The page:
What is The Reproductive Health Act? A bill that will strengthen New York laws and safeguard our rights from being eroded by the Supreme Court
Reproductive Rights Law 101 • Regulation of health care, including abortion, is generally left to states • Roe v. Wade held that the U.S. Constitution guarantees a woman’s right to decide whether to continue or terminate a pregnancy until fetal viability, and afterwards if her life or health is at risk • Therefore, states can regulate abortion up to viability as long as it does not place an “undue burden” on the right to obtain an abortion, and can outlaw abortion after viability as long as there are exceptions for a woman’s life or health
Why we need the Reproductive Health Act • Our laws are out of date • Our laws do not affirmatively guarantee the right to choose • Our laws still regulate abortion as a crime • Our laws do not have a “health exception”
What the Reproductive Health Act does • Guarantees a woman’s right to control her reproductive health • Ensures that a woman will be able to have an abortion if her health is endangered • Treats the regulation of abortion as an issue of public health, rather than as a potential crime • Guarantees everyone the right to use or refuse contraception
How does the Reproductive Health Act do those things? • It adds an affirmative guarantee of the right to choose or refuse abortion and birth control • It takes regulation of abortion out of criminal law and regulates it as a public health issue • It adds a health exception
Other provisions of RHA • RHA stiffens penalties for crimes against pregnant women resulting in pregnancy loss • Maintains important health and safety protections • Later procedures must be done in “Article 28” facilities (which are licensed and more heavily supervised by the state) • Only licensed, trained health care providers can offer abortion care
Myths and Facts about RHA Opponents said RHA would: • Force providers with religious objections to perform abortions • Allow unqualified providers (like podiatrists, dentists, etc.) to provide abortions • Open the floodgates to abortion
RHA preserves religious freedom • The bill preserves existing conscience protections in New York and federal law that allow individuals and health care facilities to refuse to provide abortion if they have religious or moral objections • The bill will therefore not require any private health care entity to provide or pay for abortion
Only licensed trained health care providers can provide abortions • A health care provider who offers abortion without proper training, or who operates outside of his/her scope of practice, commits professional misconduct • Penalties include fines and loss of license • “Back alley” providers can be convicted of unlicensed practice of medicine, a felony offense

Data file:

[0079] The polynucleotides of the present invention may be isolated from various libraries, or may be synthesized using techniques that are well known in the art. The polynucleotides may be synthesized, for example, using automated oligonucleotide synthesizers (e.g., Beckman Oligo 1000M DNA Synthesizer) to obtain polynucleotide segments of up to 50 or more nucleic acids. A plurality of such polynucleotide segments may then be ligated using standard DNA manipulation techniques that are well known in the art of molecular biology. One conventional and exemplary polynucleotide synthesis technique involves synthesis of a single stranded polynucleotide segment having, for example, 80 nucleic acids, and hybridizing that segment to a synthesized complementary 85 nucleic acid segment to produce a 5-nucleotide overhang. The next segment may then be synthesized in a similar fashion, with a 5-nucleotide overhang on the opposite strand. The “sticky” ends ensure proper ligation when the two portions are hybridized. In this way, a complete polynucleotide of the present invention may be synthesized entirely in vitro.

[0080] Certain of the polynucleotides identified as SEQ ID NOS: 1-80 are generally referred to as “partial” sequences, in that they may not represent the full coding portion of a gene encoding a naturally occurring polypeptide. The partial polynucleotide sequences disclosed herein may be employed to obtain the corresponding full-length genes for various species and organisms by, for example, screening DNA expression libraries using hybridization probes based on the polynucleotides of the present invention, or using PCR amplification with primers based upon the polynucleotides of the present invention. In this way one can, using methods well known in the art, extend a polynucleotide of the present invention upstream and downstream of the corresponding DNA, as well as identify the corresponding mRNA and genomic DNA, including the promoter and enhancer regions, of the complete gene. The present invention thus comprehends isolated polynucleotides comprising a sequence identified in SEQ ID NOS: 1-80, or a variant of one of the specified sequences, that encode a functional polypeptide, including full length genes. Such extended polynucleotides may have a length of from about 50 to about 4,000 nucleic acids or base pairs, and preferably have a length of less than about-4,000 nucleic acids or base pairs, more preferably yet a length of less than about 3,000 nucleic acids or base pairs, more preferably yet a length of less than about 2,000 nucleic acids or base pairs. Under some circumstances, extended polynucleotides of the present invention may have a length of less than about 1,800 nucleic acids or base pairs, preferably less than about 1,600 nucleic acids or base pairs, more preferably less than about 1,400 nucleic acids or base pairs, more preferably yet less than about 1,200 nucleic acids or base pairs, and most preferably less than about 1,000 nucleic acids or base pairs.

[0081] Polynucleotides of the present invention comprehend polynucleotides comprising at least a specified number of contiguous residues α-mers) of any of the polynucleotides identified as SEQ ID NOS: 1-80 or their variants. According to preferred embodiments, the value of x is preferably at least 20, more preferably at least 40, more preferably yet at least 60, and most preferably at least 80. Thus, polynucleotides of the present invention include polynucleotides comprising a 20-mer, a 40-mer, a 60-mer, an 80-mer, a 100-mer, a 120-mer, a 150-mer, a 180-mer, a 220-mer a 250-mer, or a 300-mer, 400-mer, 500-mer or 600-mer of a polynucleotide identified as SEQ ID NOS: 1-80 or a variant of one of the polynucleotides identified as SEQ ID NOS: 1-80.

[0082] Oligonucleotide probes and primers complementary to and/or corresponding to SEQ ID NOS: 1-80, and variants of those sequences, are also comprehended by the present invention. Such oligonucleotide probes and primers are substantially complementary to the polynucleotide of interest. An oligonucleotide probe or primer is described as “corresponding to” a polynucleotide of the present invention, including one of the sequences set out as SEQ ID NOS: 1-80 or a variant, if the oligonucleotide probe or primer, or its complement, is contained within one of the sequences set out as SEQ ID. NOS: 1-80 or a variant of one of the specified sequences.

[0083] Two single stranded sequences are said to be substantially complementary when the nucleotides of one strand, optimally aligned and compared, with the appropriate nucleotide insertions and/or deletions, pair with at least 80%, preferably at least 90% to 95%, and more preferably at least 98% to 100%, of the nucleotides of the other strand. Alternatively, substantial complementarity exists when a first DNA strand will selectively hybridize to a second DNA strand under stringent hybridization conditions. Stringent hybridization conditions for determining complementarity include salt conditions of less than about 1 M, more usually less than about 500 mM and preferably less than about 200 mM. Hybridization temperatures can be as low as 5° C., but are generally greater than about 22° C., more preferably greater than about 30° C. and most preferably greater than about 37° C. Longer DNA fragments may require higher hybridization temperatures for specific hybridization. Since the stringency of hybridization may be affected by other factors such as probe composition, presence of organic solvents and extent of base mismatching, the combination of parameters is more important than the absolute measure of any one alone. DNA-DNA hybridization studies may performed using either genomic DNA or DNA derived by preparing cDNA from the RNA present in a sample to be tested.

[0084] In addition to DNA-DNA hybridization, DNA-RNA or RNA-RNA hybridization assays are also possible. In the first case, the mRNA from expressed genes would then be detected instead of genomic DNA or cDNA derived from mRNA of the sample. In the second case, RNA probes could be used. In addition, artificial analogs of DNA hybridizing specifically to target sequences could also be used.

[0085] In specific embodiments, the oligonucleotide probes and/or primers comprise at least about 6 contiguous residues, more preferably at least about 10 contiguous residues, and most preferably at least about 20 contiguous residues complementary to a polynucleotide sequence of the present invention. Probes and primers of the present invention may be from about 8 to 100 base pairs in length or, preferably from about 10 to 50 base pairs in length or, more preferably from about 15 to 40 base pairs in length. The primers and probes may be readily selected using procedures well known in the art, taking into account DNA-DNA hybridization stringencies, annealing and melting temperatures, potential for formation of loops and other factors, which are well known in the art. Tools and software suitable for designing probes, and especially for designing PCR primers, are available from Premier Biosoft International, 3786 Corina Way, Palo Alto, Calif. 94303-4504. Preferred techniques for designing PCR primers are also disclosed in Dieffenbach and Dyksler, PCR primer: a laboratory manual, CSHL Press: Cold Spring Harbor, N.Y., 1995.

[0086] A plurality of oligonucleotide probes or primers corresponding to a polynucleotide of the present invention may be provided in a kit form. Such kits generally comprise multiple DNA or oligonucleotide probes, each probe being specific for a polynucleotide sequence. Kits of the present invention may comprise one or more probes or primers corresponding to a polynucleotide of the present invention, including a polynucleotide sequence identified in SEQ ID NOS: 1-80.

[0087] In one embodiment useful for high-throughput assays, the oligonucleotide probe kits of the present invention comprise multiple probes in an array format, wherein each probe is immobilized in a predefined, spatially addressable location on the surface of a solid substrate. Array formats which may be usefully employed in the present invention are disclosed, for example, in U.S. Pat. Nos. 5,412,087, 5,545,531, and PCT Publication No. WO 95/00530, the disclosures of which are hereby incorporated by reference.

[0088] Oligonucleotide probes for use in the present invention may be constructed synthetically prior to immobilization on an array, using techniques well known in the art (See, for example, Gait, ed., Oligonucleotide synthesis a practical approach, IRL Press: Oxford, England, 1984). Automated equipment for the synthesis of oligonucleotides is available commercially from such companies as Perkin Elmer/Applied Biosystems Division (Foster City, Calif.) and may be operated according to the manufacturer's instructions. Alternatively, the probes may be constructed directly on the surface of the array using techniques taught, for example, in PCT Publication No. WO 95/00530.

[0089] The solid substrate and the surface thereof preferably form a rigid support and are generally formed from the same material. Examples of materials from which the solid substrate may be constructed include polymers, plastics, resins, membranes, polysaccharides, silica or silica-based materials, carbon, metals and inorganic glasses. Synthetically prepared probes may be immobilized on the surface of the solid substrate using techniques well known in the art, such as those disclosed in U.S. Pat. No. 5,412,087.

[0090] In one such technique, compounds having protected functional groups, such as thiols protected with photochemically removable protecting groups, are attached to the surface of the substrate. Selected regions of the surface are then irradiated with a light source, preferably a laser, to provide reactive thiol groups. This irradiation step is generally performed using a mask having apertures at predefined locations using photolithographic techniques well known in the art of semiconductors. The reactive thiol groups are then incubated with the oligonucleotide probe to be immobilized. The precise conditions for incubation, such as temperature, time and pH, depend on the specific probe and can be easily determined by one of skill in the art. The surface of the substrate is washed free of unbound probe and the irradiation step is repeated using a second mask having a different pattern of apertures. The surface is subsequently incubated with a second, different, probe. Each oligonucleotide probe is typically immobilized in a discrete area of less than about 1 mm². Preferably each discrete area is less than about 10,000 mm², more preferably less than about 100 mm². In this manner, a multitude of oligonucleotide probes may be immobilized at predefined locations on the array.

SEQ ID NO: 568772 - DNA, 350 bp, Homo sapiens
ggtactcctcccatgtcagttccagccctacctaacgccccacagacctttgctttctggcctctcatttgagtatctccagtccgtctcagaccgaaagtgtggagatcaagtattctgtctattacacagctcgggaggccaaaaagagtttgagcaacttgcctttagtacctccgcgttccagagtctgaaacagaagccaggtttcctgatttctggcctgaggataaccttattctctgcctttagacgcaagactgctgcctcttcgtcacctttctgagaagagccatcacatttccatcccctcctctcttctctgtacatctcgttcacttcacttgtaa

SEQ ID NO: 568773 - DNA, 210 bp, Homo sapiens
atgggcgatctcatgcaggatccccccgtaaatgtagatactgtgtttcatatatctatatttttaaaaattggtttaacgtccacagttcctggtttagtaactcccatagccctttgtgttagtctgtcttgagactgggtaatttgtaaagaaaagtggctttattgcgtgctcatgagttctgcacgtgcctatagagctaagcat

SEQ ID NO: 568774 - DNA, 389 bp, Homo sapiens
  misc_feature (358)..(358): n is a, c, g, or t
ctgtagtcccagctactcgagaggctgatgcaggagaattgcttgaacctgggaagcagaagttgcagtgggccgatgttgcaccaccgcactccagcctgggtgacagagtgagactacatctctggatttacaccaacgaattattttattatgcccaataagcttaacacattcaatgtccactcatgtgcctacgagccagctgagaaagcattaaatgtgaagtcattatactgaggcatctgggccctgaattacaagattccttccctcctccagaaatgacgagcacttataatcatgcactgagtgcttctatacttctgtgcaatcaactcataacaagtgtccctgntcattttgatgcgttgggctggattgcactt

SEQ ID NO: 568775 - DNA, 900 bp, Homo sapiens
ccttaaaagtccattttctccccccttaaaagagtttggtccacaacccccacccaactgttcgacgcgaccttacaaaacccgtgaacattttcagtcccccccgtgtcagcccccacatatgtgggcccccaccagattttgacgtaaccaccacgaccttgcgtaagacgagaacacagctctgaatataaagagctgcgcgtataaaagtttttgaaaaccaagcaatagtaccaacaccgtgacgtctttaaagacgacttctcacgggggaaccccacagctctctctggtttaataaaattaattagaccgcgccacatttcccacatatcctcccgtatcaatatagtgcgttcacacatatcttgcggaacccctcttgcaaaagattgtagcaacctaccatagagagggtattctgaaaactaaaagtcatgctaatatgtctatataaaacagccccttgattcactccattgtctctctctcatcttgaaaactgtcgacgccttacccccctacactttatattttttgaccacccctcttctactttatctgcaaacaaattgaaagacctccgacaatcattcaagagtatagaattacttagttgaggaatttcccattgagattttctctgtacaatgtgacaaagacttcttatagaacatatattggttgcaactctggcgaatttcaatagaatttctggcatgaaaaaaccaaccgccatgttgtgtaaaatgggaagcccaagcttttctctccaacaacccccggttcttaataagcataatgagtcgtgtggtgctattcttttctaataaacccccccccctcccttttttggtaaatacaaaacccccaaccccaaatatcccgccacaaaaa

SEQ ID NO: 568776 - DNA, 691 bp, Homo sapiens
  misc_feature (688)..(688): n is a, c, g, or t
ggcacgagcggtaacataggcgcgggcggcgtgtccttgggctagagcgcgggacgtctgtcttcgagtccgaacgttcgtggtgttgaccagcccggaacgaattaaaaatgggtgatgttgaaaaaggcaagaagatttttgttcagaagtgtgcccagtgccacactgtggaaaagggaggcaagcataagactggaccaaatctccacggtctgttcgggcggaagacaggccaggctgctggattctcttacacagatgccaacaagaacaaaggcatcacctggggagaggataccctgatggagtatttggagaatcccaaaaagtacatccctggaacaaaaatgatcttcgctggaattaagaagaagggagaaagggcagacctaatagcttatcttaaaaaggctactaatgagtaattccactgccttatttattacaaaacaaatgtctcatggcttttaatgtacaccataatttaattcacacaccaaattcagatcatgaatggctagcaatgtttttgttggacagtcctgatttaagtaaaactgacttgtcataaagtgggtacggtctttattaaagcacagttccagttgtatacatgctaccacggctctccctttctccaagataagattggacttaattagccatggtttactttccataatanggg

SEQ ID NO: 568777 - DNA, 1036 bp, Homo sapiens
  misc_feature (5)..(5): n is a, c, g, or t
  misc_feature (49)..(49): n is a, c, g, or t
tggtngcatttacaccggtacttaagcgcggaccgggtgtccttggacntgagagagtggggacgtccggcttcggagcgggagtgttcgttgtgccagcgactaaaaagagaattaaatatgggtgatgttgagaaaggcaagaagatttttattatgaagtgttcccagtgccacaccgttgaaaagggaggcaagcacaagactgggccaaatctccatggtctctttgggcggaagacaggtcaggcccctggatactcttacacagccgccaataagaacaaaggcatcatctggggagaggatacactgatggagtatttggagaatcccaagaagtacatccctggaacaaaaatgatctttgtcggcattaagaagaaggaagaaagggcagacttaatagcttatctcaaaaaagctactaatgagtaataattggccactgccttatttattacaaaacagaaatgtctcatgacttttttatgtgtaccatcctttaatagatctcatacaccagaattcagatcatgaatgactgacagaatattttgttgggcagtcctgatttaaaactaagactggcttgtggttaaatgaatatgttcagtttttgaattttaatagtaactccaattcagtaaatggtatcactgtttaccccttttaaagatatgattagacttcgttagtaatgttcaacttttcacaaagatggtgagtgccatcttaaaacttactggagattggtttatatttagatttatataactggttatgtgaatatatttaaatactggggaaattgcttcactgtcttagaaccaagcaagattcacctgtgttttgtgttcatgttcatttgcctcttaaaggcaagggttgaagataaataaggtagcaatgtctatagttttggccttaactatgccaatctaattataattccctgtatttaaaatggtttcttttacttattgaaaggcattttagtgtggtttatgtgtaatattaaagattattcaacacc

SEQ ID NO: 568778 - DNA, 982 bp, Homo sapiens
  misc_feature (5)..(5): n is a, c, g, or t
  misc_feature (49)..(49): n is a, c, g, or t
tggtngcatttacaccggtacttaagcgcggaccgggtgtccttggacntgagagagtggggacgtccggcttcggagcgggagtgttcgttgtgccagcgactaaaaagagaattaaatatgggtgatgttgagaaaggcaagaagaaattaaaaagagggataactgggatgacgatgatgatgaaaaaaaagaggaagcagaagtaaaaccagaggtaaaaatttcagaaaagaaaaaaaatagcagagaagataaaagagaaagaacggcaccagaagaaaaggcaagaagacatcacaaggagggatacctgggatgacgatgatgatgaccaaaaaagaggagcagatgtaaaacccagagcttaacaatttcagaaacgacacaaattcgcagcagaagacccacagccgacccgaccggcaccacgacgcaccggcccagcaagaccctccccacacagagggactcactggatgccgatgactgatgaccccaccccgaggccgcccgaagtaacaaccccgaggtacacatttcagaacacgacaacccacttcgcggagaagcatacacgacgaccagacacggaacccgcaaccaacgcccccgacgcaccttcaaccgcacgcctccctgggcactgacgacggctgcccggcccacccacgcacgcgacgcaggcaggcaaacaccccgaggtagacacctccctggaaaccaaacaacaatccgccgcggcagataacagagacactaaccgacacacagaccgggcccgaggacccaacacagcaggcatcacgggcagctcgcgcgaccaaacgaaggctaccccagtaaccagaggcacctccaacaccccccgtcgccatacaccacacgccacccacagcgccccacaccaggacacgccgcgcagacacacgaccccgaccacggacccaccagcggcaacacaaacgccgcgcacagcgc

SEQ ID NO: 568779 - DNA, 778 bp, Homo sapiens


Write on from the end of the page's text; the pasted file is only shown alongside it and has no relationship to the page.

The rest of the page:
RHA will not change provision of abortion in NY except in rare cases • The legislation would allow abortions up to the time of fetal viability, and after that point only if the woman’s life or health is in danger • Current law permits abortion up to 24 weeks (=viability) • The health exception, while not written in the law, is already a constitutional requirement • Almost all abortions (89%) are already performed in the first trimester, and fewer than 1% are performed after 21 weeks
The need for a health exception • Sometimes women learn they are carrying a fetus with genetic anomalies or experience pregnancy complications that place their life or health at risk • Health risks for women include: dangerously high blood pressure, diabetes, stroke, blindness, kidney failure and infertility • Fetal anomalies include: Trisomy 13/18, anencephaly • Every situation is different and it important that a woman's doctor be able to use his/her best medical judgment whether a woman's health is at risk • Government policy should not interfere in these private, personal decisions
New Yorkers support the Reproductive Health Act! • Three quarters of New York voters support the Reproductive Health Act, even after hearing arguments against the bill. • The majority of voters would vote for a candidate who supports the Reproductive Health Act.* * Source: NARAL Global Strategy Group poll, 2008.
Advocacy for the Reproductive Health Act • The Reproductive Health Act will be introduced in the state legislature later this year • We already have the support of at least 40 assembly members and 18 state senators • RRP has trained hundreds of “grass tops” leaders in communities across NYS to advocate for reform of New York law Like You!
We Need Your Help • Write your legislator and ask them to sign on in support of the Reproductive Health Act(postcards are at the door) • Become a “Reproductive Health Ambassador”—contact email@example.com for information • Lobby your legislators in-district • Host a house party • Come to Albany for the next lobby day
We can help you get active! Check out the toolkit on our website, including: • A colorful brochure • A guide to throwing house parties • A “Q&A” about the bill • Links to e-action alerts, to write to legislators • Links to our videos • 10 minute “Another New Yorker” video • 3 minute YouTube video Go to www.nyclu.org/rha